Self-Serve Technology in 2008
A White Paper
A White Paper
© 2008 by
David E. Y. Sarna
Hendon, Stamford Hill & Co.
Self-serve public access stations (also known as kiosks) are now ubiquitous at checkout counters in supermarkets like PathMark, in retailers like Home Depot, at check-in counters in airports (for virtually all airlines) and to implement a host of other applications. Properly implemented, self-serve technology benefits the public and companys’ employees, and helps the bottom line. The Automatic Teller Machine, universally known as an ATM is the most successful application of self-serve technology. First deployed by First National City Bank (now Citi) in 1960 it was then called a Bankograph. It was installed in several branch lobbies and was used for customers to pay utility bills and get a receipt without a teller. In 1967 a Barclays Bank branch near London showed the first cash dispenser, made by De La Rue Instruments. Since then, self-serve technology has “arrived” and has become an accepted fact of life. In locations like airports, it’s hard to imagine what life was like without them.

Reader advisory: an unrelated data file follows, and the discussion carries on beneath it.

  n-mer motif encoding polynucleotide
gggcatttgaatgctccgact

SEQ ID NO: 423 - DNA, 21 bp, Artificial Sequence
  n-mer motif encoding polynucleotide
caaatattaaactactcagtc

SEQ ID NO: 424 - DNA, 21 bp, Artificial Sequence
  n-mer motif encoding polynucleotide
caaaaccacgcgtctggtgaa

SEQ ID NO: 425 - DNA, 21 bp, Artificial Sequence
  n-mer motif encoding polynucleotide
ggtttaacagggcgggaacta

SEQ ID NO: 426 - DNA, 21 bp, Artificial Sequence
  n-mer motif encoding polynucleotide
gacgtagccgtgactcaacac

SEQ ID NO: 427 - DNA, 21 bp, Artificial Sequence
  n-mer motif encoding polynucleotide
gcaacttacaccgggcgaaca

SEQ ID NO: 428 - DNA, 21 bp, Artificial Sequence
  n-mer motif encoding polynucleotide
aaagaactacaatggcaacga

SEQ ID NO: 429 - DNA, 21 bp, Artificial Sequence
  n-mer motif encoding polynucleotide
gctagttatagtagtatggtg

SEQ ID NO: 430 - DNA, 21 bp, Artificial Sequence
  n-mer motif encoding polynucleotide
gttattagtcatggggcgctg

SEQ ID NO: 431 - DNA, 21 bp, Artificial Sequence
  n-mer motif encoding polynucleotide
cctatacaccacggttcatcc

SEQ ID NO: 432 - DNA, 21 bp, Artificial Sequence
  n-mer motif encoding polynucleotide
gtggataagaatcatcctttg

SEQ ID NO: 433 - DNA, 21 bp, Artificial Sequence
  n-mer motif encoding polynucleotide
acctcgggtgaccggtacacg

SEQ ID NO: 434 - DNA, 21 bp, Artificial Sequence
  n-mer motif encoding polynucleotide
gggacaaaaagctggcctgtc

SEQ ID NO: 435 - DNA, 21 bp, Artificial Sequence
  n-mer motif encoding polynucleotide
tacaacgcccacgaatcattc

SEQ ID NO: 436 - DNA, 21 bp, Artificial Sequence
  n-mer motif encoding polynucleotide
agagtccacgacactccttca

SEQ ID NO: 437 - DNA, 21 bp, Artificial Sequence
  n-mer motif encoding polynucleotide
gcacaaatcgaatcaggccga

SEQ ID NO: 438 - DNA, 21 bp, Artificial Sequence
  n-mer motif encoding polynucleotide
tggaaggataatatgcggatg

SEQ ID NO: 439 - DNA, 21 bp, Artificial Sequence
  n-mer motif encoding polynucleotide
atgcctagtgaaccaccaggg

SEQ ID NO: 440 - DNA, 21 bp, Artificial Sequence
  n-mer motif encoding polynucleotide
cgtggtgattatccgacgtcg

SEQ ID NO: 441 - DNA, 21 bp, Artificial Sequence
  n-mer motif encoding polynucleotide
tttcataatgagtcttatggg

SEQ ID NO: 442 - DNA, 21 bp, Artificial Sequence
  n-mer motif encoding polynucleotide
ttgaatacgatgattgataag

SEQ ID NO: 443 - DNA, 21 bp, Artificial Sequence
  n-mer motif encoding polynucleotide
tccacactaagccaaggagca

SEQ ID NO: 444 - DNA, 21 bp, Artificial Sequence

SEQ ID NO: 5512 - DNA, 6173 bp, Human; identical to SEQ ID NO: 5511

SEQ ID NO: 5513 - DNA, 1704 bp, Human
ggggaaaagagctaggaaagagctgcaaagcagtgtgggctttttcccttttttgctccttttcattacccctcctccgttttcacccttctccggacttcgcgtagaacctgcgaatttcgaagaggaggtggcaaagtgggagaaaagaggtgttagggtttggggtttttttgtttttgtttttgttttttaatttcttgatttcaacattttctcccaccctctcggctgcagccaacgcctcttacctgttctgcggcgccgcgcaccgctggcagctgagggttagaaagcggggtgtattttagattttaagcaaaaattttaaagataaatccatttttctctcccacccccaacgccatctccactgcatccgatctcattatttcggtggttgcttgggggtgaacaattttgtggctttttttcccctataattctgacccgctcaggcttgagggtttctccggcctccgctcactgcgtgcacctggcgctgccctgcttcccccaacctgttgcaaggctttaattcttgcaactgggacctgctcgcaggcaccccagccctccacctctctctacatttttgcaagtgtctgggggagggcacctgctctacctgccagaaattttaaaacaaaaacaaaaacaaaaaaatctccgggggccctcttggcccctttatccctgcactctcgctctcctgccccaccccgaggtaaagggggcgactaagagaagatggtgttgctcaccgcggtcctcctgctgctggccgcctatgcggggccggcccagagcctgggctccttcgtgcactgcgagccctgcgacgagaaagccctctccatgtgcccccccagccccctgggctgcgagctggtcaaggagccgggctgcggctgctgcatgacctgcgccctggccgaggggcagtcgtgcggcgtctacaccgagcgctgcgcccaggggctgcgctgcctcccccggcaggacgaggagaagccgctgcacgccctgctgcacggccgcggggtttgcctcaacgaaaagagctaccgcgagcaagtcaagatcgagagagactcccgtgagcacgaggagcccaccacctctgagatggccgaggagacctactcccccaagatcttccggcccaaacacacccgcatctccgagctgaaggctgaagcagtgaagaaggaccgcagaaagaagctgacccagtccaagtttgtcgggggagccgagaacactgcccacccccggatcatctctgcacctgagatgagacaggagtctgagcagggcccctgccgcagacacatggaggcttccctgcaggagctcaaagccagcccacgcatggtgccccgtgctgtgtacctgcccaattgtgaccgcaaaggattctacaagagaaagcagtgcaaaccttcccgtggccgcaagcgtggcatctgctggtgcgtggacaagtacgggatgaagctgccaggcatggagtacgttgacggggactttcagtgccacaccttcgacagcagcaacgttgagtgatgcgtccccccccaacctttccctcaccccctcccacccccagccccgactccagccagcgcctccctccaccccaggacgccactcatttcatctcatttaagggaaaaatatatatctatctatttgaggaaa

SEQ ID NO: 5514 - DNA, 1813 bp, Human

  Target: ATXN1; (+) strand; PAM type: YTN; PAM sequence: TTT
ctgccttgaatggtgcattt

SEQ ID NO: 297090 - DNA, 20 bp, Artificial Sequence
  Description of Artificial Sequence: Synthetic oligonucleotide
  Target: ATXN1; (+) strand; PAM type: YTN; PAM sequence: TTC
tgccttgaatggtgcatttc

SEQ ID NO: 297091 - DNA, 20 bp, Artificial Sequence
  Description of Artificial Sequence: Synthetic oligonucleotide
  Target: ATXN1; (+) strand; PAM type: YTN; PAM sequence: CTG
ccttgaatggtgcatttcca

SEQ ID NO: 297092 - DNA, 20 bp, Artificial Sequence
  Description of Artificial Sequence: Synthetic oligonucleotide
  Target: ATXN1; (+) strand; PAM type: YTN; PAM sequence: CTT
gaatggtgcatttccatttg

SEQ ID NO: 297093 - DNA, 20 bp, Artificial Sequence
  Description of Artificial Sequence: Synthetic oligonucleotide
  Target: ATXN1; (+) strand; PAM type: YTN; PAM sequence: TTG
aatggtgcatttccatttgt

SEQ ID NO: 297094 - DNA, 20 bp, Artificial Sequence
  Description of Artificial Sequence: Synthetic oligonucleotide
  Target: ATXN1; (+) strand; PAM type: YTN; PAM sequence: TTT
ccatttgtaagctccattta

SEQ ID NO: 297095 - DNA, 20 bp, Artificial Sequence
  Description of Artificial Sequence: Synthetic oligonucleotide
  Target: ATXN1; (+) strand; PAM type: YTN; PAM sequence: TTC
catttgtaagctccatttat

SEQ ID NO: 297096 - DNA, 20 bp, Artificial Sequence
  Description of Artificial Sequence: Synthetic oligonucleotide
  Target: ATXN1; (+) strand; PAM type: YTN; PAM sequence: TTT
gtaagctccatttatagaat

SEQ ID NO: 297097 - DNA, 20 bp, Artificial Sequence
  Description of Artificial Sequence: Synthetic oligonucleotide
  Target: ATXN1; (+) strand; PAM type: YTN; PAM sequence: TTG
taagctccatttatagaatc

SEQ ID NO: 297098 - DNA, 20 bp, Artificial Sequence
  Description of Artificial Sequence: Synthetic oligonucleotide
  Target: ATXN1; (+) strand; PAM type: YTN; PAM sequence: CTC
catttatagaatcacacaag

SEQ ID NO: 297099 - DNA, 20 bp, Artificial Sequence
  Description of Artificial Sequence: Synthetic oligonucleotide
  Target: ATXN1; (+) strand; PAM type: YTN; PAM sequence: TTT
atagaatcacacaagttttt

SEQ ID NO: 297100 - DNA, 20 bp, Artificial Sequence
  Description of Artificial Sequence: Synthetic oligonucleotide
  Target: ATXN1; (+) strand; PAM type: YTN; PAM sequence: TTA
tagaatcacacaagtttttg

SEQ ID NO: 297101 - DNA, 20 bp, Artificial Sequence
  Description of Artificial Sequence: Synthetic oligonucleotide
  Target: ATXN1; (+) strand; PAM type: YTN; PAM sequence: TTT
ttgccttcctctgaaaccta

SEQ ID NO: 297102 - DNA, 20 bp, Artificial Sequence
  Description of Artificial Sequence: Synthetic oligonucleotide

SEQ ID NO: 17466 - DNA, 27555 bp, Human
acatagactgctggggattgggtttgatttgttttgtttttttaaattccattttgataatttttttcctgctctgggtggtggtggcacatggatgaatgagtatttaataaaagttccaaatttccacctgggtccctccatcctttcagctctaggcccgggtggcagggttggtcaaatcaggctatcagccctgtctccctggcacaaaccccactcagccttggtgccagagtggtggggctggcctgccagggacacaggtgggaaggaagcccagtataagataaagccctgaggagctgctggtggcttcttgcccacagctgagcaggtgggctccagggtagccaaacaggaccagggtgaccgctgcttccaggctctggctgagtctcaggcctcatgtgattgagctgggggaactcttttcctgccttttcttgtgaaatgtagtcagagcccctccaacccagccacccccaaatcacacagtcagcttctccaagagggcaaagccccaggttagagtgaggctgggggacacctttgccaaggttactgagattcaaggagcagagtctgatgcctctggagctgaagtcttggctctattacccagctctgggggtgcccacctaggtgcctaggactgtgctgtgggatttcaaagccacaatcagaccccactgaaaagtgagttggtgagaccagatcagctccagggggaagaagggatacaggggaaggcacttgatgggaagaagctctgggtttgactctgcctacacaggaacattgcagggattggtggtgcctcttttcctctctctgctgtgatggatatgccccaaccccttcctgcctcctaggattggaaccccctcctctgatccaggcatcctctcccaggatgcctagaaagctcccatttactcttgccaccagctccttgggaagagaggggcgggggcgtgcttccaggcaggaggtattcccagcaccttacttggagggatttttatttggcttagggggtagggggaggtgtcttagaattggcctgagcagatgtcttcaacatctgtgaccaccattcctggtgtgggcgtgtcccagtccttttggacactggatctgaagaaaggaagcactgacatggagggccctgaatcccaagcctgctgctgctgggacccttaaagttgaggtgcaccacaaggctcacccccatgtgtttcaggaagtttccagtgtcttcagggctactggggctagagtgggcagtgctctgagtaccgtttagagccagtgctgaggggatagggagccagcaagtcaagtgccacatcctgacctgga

I was a pioneer in the kiosk business, and I have all the arrows in my back to prove the point
Back in early 1996, ObjectSoft Corp., a company that I had founded in 1990 got into the kiosk business in a serious way. Much of what we tried to do back then was being done for the first time, and the technology was not yet there. Think back to the days when public touch screens were still a rarity, the Internet was still very expensive (the cable companies had not yet entered the business, and DSL lines were not widely available, slow, expensive, and cantankerous). There were a host of technology challenges.